Node Summit 2015: The Pros & Cons of Switching to Node.js
What is Node?
What does that mean? In traditional web servers, each connection request spawns a new thread. Each thread takes up its own memory, and when the server hits its limit, it rejects new connections. In Node.js, since all I/O is implemented in an asynchronous, non-blocking way and combined with a single-threaded event-based loop, node.js can keep many connections alive without having to reject new incoming connections.
Node is incredibly efficient at handling connections
Well architected Node applications are enabling Enterprises to handle 5x-10x the number of connections on a single server than previously. This results in a huge value for the data center, for maintenance, and for all sorts of ancillary costs. The Node Summit was full of panelists and presenters, like GoDaddy, making claims that they were seeing a 10x reduction in number of servers. Most were also concurrently seeing faster response times as well.
Node.js is already in the Enterprise
Not surprisingly, given the huge value above, most forward-thinking enterprises began transitioning their applications to node over 2 years ago. Panelists from Paypal, Groupon, Netflix, Walmart all confirmed that Node.js now powers or will power most of their Web & Mobile properties. IBM & Microsoft also seem to be making broad investments in Node.js. Heroku mentioned that Node.js is now the second most widely used Application platform on their servers.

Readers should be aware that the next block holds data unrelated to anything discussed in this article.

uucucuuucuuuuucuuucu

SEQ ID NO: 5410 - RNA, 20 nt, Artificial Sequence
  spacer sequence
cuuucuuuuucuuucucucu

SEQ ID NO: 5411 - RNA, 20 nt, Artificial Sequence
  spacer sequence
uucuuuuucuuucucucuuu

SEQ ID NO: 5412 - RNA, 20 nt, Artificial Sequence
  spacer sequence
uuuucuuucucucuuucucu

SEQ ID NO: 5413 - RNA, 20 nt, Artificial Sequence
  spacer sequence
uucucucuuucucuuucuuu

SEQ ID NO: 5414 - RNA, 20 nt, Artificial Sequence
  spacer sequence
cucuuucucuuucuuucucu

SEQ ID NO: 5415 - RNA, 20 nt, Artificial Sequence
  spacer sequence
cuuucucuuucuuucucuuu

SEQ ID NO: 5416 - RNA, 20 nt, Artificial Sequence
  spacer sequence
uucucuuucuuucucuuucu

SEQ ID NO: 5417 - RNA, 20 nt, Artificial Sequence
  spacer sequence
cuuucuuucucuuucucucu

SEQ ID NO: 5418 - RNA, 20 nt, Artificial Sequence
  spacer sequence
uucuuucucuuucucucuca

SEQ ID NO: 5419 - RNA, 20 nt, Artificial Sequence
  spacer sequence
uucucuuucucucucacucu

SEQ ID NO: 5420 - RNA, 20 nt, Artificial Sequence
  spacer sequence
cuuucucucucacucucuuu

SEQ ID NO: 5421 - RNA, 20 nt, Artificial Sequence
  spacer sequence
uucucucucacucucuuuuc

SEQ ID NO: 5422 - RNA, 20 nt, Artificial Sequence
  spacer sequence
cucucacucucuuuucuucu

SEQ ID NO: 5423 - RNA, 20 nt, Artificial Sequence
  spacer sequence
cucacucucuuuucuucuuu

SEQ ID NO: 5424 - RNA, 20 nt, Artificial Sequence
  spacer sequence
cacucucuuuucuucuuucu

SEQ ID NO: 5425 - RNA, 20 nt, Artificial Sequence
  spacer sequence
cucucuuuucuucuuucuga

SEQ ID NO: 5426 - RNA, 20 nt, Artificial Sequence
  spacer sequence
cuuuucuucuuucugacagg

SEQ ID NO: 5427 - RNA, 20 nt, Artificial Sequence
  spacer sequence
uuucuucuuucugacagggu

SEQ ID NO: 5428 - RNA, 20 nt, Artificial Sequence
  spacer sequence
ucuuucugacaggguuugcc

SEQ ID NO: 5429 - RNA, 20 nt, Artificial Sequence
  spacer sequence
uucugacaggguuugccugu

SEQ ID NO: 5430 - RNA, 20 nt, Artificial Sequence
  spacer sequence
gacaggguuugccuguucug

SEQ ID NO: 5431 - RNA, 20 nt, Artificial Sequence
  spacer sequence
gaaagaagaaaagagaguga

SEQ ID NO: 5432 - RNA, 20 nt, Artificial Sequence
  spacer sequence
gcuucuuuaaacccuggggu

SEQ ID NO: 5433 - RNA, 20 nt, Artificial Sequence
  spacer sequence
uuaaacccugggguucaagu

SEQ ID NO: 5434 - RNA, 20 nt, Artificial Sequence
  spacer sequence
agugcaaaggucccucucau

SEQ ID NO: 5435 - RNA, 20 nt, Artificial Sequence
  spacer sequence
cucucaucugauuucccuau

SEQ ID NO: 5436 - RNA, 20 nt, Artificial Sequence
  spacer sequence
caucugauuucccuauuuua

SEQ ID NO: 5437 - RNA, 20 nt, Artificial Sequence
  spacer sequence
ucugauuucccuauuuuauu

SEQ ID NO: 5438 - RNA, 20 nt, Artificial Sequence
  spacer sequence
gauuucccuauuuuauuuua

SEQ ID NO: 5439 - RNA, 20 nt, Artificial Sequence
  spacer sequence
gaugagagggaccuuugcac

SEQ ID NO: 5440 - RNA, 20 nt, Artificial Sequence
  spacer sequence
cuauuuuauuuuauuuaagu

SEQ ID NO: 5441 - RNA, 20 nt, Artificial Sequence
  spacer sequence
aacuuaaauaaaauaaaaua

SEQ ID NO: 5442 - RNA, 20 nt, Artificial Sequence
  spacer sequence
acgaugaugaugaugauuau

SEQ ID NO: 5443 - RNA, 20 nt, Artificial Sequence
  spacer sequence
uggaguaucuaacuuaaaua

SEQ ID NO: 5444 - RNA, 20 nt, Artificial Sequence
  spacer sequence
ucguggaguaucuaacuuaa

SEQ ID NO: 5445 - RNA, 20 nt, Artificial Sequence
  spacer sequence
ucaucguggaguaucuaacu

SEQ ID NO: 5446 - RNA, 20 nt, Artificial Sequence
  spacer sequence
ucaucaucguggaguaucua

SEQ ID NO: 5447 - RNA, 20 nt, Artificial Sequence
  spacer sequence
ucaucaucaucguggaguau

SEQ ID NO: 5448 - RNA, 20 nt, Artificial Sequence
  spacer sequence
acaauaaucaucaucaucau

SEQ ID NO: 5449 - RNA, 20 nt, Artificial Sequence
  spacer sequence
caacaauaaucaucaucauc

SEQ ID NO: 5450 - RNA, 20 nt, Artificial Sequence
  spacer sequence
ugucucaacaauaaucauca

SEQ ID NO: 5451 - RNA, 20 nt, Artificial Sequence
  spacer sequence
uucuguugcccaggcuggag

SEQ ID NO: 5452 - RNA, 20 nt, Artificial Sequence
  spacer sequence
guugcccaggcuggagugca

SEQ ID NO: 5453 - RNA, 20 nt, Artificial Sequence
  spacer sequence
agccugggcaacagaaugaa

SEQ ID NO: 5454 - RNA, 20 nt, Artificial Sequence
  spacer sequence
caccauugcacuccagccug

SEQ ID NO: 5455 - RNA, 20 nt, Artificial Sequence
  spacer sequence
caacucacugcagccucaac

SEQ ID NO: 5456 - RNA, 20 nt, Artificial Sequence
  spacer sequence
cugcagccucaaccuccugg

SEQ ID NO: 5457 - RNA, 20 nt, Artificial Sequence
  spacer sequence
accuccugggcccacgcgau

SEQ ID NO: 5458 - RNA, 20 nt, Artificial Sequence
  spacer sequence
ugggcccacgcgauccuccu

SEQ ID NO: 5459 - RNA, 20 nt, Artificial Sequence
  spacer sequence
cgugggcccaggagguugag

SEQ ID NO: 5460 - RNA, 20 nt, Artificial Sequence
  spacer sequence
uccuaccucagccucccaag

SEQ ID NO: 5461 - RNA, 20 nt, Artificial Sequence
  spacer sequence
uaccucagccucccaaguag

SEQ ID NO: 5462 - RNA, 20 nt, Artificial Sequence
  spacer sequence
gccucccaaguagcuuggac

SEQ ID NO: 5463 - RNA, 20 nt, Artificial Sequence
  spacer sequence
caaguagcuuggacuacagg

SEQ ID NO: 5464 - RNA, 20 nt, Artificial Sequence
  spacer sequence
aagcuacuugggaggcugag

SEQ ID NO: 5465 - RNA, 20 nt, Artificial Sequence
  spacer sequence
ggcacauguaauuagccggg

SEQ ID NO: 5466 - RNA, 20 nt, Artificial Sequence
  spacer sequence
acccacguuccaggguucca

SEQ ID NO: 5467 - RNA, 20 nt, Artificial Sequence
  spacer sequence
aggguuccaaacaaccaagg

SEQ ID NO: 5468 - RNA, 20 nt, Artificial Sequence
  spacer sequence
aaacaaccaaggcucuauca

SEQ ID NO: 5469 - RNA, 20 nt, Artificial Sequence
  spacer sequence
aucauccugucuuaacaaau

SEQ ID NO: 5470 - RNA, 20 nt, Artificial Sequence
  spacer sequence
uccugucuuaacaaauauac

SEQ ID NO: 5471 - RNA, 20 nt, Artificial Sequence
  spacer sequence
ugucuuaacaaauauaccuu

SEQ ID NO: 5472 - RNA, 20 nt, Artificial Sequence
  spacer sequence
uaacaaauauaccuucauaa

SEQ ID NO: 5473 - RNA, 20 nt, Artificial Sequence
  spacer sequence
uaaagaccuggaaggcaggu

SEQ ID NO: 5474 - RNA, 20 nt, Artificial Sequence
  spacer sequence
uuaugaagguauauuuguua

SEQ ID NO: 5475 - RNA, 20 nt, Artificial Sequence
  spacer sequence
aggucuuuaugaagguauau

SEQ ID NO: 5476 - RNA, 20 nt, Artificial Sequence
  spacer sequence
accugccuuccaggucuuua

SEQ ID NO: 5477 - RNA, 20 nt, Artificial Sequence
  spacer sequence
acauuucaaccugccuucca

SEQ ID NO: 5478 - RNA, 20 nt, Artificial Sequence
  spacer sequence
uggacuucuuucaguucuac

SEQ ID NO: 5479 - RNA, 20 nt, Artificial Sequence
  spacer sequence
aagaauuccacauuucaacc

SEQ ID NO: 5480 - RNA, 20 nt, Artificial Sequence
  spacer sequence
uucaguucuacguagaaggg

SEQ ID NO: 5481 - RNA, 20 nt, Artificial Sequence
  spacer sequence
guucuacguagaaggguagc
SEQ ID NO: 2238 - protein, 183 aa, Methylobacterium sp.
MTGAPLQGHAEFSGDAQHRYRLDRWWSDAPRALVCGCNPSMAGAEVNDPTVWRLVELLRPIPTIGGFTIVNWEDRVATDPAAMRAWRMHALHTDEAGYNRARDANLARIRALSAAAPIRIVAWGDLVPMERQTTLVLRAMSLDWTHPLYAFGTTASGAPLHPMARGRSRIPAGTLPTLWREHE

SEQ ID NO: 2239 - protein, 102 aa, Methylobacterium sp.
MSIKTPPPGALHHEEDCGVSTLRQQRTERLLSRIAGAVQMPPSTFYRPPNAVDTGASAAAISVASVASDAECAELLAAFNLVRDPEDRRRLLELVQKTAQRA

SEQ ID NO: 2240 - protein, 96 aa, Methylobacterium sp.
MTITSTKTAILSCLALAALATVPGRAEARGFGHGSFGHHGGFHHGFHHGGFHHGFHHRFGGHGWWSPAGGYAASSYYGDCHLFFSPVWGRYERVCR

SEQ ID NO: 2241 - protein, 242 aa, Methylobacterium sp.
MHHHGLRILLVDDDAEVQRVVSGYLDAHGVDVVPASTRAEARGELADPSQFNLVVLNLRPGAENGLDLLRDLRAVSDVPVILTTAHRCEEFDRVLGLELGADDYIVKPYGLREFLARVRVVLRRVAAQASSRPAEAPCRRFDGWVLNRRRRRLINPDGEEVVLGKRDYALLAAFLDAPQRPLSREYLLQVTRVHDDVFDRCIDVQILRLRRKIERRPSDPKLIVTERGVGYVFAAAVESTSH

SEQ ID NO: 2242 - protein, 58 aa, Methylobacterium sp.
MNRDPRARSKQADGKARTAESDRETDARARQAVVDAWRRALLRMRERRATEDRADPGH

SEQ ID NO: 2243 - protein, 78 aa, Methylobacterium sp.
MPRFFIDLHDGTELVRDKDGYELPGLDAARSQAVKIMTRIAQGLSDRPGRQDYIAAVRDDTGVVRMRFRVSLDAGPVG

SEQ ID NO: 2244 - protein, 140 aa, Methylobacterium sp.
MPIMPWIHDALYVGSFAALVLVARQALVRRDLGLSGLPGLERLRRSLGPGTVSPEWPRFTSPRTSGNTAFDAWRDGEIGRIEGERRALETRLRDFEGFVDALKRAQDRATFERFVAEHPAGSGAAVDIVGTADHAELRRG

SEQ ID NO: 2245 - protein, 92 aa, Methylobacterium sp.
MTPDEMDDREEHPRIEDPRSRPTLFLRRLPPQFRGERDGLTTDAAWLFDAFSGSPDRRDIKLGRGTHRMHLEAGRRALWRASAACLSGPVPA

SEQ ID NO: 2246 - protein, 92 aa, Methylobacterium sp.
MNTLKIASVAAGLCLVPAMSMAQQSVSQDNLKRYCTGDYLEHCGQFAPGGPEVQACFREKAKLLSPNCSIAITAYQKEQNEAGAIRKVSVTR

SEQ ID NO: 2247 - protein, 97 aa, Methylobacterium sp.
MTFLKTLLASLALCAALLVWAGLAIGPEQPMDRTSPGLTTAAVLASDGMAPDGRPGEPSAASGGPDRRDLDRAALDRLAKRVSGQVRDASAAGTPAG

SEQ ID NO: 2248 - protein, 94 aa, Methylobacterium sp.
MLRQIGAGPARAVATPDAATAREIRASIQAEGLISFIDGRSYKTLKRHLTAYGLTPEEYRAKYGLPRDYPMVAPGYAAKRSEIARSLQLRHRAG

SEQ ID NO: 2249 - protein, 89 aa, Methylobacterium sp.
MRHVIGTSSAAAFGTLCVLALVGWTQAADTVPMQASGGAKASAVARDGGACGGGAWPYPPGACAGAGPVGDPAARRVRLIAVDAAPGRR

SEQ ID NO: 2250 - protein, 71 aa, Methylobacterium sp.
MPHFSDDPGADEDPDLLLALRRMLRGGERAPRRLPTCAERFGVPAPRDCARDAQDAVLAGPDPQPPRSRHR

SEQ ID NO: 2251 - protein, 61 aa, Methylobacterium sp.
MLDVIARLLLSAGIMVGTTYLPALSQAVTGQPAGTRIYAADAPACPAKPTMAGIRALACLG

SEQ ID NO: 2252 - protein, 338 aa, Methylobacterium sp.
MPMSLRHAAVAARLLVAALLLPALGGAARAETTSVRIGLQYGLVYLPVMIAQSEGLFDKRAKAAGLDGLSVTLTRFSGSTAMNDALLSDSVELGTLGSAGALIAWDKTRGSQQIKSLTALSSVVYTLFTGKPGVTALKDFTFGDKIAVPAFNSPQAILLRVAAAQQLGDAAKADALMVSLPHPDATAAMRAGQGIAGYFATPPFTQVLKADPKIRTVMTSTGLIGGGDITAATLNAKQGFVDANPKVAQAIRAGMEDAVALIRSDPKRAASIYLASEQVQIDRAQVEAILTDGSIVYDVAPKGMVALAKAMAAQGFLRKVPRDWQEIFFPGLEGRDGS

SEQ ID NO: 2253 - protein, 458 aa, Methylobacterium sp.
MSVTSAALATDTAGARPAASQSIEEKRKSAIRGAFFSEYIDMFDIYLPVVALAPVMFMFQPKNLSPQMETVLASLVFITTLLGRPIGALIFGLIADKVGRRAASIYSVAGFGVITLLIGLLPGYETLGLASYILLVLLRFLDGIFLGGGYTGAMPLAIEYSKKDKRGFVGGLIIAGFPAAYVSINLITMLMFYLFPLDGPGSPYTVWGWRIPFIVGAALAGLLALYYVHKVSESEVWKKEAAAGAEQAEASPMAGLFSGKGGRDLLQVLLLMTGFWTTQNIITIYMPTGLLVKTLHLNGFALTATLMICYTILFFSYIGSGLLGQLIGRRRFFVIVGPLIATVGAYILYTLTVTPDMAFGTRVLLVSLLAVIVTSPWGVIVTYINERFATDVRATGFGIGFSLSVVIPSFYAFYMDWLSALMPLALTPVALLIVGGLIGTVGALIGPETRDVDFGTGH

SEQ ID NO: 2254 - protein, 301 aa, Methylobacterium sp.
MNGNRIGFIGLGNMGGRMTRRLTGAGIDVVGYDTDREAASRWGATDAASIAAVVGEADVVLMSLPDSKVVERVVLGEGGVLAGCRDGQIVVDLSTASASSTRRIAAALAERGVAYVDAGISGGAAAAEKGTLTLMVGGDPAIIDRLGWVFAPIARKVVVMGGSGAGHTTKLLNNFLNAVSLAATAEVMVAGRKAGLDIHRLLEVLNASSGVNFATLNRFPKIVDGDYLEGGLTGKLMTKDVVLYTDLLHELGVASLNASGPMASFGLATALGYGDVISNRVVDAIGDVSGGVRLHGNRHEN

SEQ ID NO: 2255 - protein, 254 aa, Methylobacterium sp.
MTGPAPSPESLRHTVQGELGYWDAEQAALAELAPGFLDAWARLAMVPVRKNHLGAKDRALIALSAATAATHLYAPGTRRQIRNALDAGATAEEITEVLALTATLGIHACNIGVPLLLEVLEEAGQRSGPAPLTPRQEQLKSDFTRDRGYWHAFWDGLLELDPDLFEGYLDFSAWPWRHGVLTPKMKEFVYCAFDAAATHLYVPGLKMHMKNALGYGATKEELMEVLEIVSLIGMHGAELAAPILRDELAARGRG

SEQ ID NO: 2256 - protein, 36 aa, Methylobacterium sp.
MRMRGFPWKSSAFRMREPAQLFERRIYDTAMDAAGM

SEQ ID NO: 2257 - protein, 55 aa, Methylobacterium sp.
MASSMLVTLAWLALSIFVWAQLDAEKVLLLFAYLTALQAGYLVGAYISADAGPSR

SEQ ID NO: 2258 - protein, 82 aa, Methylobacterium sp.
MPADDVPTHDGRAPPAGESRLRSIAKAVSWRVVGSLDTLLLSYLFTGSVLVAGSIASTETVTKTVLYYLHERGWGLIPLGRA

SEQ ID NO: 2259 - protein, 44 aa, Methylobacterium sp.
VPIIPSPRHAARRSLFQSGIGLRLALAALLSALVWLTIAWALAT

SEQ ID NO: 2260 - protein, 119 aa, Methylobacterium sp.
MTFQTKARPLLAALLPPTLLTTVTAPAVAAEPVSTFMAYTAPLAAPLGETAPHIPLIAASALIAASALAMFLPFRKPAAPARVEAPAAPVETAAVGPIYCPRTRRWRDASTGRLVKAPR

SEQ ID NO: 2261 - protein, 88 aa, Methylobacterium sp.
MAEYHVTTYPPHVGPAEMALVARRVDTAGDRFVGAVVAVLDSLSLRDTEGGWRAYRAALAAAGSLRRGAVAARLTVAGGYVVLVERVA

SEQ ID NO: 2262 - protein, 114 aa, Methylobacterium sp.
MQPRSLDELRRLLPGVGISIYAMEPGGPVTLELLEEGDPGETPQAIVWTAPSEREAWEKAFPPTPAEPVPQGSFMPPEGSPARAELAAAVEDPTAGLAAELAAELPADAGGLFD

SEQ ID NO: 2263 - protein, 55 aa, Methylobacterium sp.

Node.js is bringing in unexpected developer productivity
Node.js needs tool maturity
Running a large web application with a lot of customers is not a trivial task regardless of the technology utilized. Think process monitoring, logging, error traces, cluster management, CI/CD, test automation. The list goes on. Panelists at the Summit shared their experiences and best practices with all these processes, but the common theme was that they had cobbled together disparate open source tools to achieve this. This can be challenging for smaller companies, as well as companies that do not have savvy forward-looking engineering staff.
Async Programming has a learning curve
Developers coming from traditional environments like Java and .Net will need 2-3 months of working on Node.js before they experience the ‘aha’ moment. Typically developers struggle for awhile with the async programming model and callbacks before they become second nature.
At iTexico, we are pretty convinced that the MEAN stack and by extension Node.js is the future of Enterprise application development. We will be focusing and investing in developing our talent in that area. We are proud to announce our training in Guadalajara with our partner StrongLoop.
Check out our training page if you are interested.
About the Author:
Abhijeet Pradhan is the CTO and Co-Founder of iTexico, a software services company that offers convenient mobile and cloud solutions and extended teams. Abhijeet is passionate about Technology and its applications to everyday consumer and business life.